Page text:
Two years ago if I was asked what is an instructional designer, I would have struggled to give a confident answer. Fast forward and now I have a better understanding of the role of an Instructional Designer (ID) and their key characteristics. Put simply, an Instructional Designer takes information and creates learning experiences that help learners. Instructional Designers have a good understanding how people learn and apply learning methodologies to help them learn better. They are learner-centred and focus on learning outcomes.
Image courtesy of pixabay
Instructional designers align learning objectives and play a vital role in the process of learning. They redesign courses, develop new courses, design instructions and create training materials. Connie Malamed from the Elearning coach explains that instructional design is to:
“identify the skills, knowledge and the attitude gaps of a targeted audience and to create, select and suggest learning experiences that close this gap”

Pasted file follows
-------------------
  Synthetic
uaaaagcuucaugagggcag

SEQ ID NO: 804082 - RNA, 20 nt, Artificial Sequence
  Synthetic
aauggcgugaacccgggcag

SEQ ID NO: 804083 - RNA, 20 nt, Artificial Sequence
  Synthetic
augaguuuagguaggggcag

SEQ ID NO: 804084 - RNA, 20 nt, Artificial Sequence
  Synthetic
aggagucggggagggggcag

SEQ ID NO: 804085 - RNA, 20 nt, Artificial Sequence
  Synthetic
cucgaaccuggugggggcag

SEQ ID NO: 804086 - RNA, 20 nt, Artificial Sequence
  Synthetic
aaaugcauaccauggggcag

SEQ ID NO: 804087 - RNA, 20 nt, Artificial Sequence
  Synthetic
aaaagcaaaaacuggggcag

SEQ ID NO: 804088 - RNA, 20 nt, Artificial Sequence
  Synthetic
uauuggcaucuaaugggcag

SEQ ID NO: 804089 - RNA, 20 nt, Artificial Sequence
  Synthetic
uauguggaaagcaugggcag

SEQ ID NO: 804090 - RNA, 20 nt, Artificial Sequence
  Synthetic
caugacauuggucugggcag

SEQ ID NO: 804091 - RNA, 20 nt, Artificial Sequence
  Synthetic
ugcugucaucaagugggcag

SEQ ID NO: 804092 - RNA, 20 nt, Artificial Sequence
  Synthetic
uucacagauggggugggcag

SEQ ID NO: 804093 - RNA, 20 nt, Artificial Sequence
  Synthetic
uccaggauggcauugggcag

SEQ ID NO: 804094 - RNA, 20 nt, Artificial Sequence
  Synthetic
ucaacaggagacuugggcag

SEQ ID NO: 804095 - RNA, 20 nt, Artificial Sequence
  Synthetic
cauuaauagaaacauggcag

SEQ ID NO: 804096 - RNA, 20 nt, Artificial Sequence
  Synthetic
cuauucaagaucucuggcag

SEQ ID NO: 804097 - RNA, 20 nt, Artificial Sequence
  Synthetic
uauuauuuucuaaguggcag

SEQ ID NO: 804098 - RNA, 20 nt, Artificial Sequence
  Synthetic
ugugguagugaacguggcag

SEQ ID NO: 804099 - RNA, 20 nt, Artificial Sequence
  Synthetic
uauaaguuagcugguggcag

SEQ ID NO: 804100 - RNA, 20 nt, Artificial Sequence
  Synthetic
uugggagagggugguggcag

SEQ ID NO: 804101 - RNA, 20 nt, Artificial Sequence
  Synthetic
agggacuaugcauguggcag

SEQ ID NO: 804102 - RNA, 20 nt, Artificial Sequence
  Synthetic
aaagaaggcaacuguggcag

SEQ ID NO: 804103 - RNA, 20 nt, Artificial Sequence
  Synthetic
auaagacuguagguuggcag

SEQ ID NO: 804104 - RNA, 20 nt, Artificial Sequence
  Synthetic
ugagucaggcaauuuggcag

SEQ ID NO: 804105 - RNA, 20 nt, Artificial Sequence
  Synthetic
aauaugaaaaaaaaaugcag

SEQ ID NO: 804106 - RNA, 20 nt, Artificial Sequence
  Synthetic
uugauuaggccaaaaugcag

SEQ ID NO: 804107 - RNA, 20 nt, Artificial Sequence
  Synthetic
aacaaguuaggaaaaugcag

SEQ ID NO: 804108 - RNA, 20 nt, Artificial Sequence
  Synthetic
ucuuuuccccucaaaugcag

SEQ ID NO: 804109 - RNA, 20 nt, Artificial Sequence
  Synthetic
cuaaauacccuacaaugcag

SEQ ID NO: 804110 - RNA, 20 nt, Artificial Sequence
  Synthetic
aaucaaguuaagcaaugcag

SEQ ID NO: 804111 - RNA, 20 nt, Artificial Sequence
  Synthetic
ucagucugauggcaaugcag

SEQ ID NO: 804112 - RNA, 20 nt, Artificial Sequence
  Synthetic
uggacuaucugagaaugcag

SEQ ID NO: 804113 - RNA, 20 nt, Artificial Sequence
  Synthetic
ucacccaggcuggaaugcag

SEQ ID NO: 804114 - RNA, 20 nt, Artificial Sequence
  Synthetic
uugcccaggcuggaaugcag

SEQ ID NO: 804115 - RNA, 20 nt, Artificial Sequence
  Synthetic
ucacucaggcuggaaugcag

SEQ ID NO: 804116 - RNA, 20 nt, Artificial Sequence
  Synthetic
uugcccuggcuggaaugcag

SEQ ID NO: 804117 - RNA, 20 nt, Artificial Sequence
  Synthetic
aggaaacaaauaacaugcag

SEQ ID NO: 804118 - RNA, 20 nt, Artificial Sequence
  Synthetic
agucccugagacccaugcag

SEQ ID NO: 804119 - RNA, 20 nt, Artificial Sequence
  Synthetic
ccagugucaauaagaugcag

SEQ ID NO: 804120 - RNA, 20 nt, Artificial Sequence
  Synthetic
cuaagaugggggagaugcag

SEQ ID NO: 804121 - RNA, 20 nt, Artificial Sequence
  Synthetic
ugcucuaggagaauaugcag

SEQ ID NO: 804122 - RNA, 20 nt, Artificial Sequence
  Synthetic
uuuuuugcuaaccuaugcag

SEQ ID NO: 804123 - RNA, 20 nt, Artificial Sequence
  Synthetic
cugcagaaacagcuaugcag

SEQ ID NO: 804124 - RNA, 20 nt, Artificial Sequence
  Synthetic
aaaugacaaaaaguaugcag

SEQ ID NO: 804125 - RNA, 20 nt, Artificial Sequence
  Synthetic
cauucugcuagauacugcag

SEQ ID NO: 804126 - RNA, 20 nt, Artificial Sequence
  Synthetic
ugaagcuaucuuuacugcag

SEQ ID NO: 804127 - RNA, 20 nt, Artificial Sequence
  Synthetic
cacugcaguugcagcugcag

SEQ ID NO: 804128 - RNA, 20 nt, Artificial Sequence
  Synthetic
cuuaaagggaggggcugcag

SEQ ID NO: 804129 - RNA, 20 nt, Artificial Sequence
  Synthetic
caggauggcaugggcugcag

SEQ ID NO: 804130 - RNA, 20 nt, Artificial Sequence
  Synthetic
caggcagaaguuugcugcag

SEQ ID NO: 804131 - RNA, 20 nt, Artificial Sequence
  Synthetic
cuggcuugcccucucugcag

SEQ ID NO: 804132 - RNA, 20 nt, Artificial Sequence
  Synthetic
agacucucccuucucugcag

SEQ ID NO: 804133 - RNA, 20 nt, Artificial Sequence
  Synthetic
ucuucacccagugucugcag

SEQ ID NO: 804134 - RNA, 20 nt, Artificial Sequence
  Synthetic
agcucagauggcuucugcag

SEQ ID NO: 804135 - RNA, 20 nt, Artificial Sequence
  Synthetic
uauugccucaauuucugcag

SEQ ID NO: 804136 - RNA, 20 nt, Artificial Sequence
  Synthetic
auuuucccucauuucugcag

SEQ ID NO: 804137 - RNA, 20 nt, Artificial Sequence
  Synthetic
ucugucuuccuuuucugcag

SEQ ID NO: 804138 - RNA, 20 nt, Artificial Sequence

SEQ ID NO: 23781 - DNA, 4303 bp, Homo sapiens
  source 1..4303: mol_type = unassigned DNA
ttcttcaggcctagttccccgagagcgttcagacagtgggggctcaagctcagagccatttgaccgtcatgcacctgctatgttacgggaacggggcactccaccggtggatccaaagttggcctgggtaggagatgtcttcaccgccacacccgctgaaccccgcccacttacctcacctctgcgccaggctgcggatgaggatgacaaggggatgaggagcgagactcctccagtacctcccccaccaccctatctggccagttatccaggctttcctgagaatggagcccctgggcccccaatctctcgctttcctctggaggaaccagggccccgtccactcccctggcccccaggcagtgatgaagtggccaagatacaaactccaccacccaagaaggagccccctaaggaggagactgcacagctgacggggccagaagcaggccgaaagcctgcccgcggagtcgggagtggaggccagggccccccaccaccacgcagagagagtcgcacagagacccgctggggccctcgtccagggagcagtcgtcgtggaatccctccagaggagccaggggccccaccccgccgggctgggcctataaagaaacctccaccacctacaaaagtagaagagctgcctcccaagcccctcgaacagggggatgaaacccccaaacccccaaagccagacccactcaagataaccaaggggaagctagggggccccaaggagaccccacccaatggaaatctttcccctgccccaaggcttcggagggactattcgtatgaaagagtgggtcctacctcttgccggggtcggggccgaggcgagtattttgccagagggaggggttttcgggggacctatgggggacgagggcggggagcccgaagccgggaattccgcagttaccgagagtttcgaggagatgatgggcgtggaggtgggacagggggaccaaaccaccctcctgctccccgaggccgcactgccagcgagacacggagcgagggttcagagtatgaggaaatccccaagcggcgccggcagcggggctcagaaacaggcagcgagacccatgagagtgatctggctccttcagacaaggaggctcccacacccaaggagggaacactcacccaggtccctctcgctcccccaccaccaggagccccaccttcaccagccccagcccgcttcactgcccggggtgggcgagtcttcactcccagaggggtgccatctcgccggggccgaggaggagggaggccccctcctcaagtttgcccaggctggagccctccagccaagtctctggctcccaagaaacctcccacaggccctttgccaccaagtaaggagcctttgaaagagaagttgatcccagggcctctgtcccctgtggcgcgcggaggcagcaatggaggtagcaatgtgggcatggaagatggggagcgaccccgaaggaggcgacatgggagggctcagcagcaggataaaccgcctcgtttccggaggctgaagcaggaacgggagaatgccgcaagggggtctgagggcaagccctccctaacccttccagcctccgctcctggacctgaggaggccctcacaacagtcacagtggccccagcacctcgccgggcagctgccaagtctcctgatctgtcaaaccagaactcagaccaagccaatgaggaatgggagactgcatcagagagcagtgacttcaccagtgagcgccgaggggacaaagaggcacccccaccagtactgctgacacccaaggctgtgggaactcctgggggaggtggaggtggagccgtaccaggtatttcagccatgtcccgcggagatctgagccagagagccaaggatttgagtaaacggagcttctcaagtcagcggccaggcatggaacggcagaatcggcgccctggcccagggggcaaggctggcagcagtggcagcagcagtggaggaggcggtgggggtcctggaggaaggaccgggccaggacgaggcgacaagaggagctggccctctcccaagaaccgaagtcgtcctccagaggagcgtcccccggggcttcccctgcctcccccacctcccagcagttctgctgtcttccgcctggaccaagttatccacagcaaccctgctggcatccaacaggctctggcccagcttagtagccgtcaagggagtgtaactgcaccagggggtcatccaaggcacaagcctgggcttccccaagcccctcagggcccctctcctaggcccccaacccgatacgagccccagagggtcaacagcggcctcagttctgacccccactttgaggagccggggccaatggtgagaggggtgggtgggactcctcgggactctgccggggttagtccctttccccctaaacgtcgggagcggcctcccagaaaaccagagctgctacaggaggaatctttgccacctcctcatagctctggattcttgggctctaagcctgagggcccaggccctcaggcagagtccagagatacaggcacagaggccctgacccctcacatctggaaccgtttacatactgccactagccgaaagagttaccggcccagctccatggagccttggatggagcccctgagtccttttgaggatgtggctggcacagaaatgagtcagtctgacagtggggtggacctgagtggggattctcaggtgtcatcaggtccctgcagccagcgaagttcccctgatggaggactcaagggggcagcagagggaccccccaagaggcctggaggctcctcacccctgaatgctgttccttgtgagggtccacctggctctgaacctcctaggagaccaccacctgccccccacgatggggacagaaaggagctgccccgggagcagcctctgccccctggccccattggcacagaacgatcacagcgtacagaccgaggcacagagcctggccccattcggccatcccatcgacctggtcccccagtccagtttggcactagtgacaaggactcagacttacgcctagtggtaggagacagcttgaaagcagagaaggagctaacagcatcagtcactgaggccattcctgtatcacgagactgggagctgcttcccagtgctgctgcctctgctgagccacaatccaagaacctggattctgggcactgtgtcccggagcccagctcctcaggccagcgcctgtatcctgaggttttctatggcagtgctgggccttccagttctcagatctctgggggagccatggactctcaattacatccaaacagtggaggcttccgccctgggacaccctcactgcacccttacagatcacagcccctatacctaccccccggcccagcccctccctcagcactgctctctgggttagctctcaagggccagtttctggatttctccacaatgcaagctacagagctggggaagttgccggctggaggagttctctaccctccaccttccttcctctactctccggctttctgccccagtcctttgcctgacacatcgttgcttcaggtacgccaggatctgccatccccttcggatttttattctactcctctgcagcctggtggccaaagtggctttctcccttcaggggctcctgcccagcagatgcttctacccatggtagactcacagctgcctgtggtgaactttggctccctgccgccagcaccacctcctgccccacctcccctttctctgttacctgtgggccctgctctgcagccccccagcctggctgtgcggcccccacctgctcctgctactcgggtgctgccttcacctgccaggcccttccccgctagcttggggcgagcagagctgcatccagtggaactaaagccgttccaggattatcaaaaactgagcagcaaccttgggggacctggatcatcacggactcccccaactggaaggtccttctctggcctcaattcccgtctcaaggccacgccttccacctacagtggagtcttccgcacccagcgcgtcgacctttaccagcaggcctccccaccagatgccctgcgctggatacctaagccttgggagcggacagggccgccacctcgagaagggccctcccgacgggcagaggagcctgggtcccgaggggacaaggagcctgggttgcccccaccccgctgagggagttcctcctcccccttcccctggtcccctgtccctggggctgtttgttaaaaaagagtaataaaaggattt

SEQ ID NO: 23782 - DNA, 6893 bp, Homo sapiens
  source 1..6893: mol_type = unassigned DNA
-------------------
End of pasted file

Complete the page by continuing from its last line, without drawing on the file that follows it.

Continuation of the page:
Whereas, Christopher Pappas explains that Instructional design “aims to compress the learning process and fill the gaps in our knowledge in the most effective way”.
Christy Tuckers blog post titled “What does an instructional designer do?”, explains that an Instructional designer takes content and adds the “experiences” of learning and practising to it. Christy also includes a detailed list how Instructional Designers do this which includes working with Subject Matter Experts and structure content and activities for student learning.
So, what does it take to be an effective Instructional designer?
The following are some characteristics that I think an instructional designer should possess:
- Be learner focused
- Be creative
- Have good communication skills
- Be organised
- Have management and project management skills
- Have good research skills
- Have an effective interview and listening skills
- Have good written skills
- Be technology savvy
- Can work both independently and in a team
- Have knowledge of authoring tools
Check out the following blog from the Learning Coach for some additional characteristics.
Would love to hear what other characteristics you think an instructional designer should have?